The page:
Resolutions are good things. They’re biblical: “may [God] fulfill every resolve for good” (2 Thessalonians 1:11). And I think developing New Year’s resolutions is a very good idea. A year is a defined timeframe long enough to make progress on difficult things and short enough to provide some incentive to keep moving.
A resolve is not a vague intention, like “one of these days I’m going to get that garage cleaned” or “I’m going to read the Bible through this year,” but without any clear plan to do it. Resolves are intentions with strategies attached to them. You don’t just hope something is going to happen; you are planning to make it happen. To be resolved is to be determined.
Make Love Your Aim
But resolves can either be rooted in our selfish ambitions or in the love of God. We must think them through carefully. So as we make our resolutions for 2014, God wants them to all serve this one great end: “pursue love” (1 Corinthians 14:1).
“Pursue” is a very purposeful word. The Greek verb has an intensity to it. It means to “seek after eagerly,” like a runner in a race seeks eagerly to win a prize.
The RSV’s translation of this phrase is clearer: “Make love your aim.” It has a sense of single-minded focus to it. The NIV falls short: “Follow the way of love.” It has no edge to it. It sounds like a platitude that the most polite company could smile and nod to without feeling unnerved. It does not capture Paul’s intensity.
No, this is an aggressive verb. In fact, it can mean to “pursue with hostile intent.” That’s why in the New Testament, it is frequently used to mean persecuting or harassing someone.
That sounds like Paul, the former persecutor who became the persecuted. What he is saying to us is that we should pursue love with no less fervency and determination that he once pursued Christians to Damascus — only our aim is not to stop love, but to unleash it and be captured by it, or, I should say, by Him (1 John 4:8).
Plan to Make Love Your Aim
Let this be the year that we pursue love. Let this be the year that we stop talking about love, that we do less regretful moaning about how little we love and how much we need to grow in love and actually be determined to love more the way Jesus loved (John 15:12). Let this be the year we actually put into place some strategies to help us love.
Each person’s situation is so unique that we can’t craft strategies for each other to grow in love. It’s something that we must each do with God, though some feedback and counsel from those who know us best are helpful.
But here are some of the Bible’s great love texts to soak in during 2014 that can help loving strategies emerge:
1 Corinthians 13: soak in or memorize it and let each “love is . . .” statement in verses 4–7 search your heart. With whom can you show greater patience, kindness, and more?
John chapters 13–15: soak in or memorize them. Ninety-five verses are very doable. You can memorize them in 3–6 months and be transformed.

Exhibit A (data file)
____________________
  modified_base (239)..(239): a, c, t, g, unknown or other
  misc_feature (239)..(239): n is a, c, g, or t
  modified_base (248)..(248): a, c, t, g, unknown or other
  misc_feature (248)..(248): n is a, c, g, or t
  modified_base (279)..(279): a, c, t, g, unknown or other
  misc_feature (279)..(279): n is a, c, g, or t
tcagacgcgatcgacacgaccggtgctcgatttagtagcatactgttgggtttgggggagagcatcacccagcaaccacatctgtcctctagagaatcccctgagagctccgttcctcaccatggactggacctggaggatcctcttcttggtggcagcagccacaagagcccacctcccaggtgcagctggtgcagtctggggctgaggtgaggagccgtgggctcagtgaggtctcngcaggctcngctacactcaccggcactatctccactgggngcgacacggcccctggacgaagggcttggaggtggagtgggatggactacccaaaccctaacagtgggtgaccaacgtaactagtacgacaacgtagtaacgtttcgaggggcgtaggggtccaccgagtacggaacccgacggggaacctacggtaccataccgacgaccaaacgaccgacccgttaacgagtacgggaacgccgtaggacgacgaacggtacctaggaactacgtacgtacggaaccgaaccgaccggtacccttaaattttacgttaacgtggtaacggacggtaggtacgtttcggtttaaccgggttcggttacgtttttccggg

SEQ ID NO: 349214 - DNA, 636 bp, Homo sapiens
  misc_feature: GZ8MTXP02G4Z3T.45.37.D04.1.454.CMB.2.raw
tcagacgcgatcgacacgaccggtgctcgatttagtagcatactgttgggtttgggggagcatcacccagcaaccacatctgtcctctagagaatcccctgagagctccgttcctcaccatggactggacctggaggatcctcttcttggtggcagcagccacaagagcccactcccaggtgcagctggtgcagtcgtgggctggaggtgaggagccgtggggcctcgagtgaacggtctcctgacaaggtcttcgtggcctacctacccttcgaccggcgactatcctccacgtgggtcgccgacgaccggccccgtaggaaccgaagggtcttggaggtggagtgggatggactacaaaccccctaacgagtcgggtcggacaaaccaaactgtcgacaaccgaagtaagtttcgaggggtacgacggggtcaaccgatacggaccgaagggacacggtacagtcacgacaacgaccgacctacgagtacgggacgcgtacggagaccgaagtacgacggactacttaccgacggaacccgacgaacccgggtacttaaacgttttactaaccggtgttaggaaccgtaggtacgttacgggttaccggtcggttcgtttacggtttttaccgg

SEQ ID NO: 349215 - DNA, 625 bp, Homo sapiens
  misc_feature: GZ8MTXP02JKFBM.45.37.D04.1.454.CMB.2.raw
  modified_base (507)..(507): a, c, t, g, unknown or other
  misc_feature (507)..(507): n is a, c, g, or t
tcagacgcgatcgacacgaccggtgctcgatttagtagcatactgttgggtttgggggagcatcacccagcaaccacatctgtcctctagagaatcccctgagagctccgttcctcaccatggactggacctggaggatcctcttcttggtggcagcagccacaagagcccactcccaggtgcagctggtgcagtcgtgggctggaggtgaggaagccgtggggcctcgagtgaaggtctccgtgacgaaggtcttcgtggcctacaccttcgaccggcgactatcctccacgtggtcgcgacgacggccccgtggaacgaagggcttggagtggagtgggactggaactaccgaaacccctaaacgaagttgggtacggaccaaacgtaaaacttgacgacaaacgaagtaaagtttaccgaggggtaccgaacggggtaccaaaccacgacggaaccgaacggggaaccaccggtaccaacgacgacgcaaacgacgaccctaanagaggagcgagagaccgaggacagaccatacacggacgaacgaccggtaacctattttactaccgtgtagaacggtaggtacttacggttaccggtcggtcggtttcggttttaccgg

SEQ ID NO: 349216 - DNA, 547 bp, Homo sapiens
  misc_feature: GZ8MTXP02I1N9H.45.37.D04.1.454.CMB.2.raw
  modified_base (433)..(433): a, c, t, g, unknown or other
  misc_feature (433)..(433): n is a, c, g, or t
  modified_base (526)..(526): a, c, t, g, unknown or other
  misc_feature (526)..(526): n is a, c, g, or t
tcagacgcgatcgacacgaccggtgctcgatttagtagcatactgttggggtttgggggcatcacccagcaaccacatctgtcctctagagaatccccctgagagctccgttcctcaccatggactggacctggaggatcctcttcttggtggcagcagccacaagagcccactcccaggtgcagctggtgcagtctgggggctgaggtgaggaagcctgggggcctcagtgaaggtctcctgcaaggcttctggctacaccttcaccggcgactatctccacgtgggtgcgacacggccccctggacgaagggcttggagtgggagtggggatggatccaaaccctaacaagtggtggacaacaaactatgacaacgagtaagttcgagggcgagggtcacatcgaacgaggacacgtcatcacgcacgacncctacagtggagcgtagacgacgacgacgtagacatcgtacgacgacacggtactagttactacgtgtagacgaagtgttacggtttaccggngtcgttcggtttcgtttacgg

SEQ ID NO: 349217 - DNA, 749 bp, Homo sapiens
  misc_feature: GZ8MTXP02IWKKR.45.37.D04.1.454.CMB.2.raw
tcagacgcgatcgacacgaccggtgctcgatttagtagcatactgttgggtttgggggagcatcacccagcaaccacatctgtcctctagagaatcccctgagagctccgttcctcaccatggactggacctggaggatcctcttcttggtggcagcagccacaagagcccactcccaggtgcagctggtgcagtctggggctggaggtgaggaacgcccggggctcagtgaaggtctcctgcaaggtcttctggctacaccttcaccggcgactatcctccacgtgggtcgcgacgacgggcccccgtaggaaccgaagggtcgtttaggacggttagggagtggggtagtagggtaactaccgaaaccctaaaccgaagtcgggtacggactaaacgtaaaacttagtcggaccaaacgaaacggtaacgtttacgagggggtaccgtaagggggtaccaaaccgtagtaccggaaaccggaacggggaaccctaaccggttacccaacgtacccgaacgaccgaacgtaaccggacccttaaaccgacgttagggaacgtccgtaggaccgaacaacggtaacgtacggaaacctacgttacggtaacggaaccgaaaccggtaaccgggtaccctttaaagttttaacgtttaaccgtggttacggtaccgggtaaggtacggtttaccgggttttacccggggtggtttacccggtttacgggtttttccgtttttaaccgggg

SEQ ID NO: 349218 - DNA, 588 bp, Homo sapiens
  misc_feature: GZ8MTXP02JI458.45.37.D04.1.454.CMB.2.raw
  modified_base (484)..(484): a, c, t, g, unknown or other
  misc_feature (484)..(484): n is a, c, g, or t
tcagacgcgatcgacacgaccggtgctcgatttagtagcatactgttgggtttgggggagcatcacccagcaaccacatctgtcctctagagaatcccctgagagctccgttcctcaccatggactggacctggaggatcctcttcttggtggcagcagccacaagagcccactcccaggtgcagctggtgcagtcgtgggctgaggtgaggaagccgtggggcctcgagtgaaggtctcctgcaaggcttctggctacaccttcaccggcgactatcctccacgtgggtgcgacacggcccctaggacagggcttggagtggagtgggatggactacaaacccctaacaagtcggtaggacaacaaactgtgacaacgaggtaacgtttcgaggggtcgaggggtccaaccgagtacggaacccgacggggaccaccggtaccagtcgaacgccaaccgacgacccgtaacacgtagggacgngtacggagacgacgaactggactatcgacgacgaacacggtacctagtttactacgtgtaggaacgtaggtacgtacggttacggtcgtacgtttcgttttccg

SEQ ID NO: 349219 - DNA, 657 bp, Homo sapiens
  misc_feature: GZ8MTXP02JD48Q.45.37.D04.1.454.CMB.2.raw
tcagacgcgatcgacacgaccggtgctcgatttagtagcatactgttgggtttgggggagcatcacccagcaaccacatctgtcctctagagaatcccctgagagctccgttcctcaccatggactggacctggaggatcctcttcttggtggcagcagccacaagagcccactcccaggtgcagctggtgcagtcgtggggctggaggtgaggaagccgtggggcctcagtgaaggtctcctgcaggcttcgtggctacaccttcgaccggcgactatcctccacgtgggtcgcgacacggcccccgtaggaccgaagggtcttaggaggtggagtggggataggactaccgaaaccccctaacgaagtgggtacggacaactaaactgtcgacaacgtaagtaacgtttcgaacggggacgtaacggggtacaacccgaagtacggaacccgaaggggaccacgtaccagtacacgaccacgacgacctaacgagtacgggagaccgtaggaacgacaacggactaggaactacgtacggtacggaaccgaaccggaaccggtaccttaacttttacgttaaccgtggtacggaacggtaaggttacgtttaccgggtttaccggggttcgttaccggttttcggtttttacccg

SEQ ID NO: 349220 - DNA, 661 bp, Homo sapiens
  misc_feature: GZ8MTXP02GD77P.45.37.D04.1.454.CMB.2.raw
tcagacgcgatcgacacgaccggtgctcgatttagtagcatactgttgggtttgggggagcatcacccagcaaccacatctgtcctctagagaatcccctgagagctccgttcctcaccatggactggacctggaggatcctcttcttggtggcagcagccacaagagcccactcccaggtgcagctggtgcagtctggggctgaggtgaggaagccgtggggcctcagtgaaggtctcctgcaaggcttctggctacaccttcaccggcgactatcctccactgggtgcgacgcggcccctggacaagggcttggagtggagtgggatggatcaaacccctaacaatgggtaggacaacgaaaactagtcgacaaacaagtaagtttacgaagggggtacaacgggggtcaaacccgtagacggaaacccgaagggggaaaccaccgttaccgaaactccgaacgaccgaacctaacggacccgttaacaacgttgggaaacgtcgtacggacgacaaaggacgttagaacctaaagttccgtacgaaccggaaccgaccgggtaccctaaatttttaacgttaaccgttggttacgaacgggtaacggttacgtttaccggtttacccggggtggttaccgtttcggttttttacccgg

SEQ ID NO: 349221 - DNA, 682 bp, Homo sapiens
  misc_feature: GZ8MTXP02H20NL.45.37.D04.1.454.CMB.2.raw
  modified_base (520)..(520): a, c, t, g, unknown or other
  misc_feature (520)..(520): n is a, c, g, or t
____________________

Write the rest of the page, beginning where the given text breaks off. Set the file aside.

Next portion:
The First Epistle of John: Soak in or memorize it. You can do it! Forcing yourself to say the verses over and over will yield insights you’ve never seen before.
Take 2–4 weeks and simply meditate on the two greatest commandments according to Jesus (Matthew 22, Mark 12, Luke 10). Look and look at them and pray and pray over them. You will be surprised at what the Lord shows you.
Read Hebrews 13:1–7, take one verse per day and prayerfully meditate on what you might put into place to grow in each area of loving obedience. It may be one thing or ten things.
You get the idea. We don’t need all our strategies in place by January 1st. But we can make 2014 a year where we pursue love with more intentionality than we ever have before. And as we meditate, letting the word of Christ dwell in us richly (Colossians 3:16), the Holy Spirit will guide us in creating the strategies we should use.
The Most Courageous Resolution
But let’s also be clear: making love our aim in 2014 will demand more courage and faith than any other resolution we can make. Nothing exposes the depth of our sin like really seeking to love God with our entire being and loving our neighbors as ourselves (Luke 10:27).
So we must let our pursuit of love drive us to the gospel. None of us has ever perfectly kept either of the two great commandments. Ever. Our very best efforts have been polluted by our prideful sin. And we have rarely been at our very best.
We can only love because God first loved us (1 John 4:19) and sent his Son to become sin for us so that we could become the righteousness of God in him (2 Corinthians 5:21). Christ has kept the greatest commandments (and the rest) perfectly for us! So we are forgiven of our constant failure to love as we ought and are given grace to grow in the grace of love. And because of Jesus, someday we will love perfectly just as we have been loved.
So let’s make our resolution to pursue love this year more than we ever have, knowing that we have been loved with an everlasting love (Psalm 103:17).
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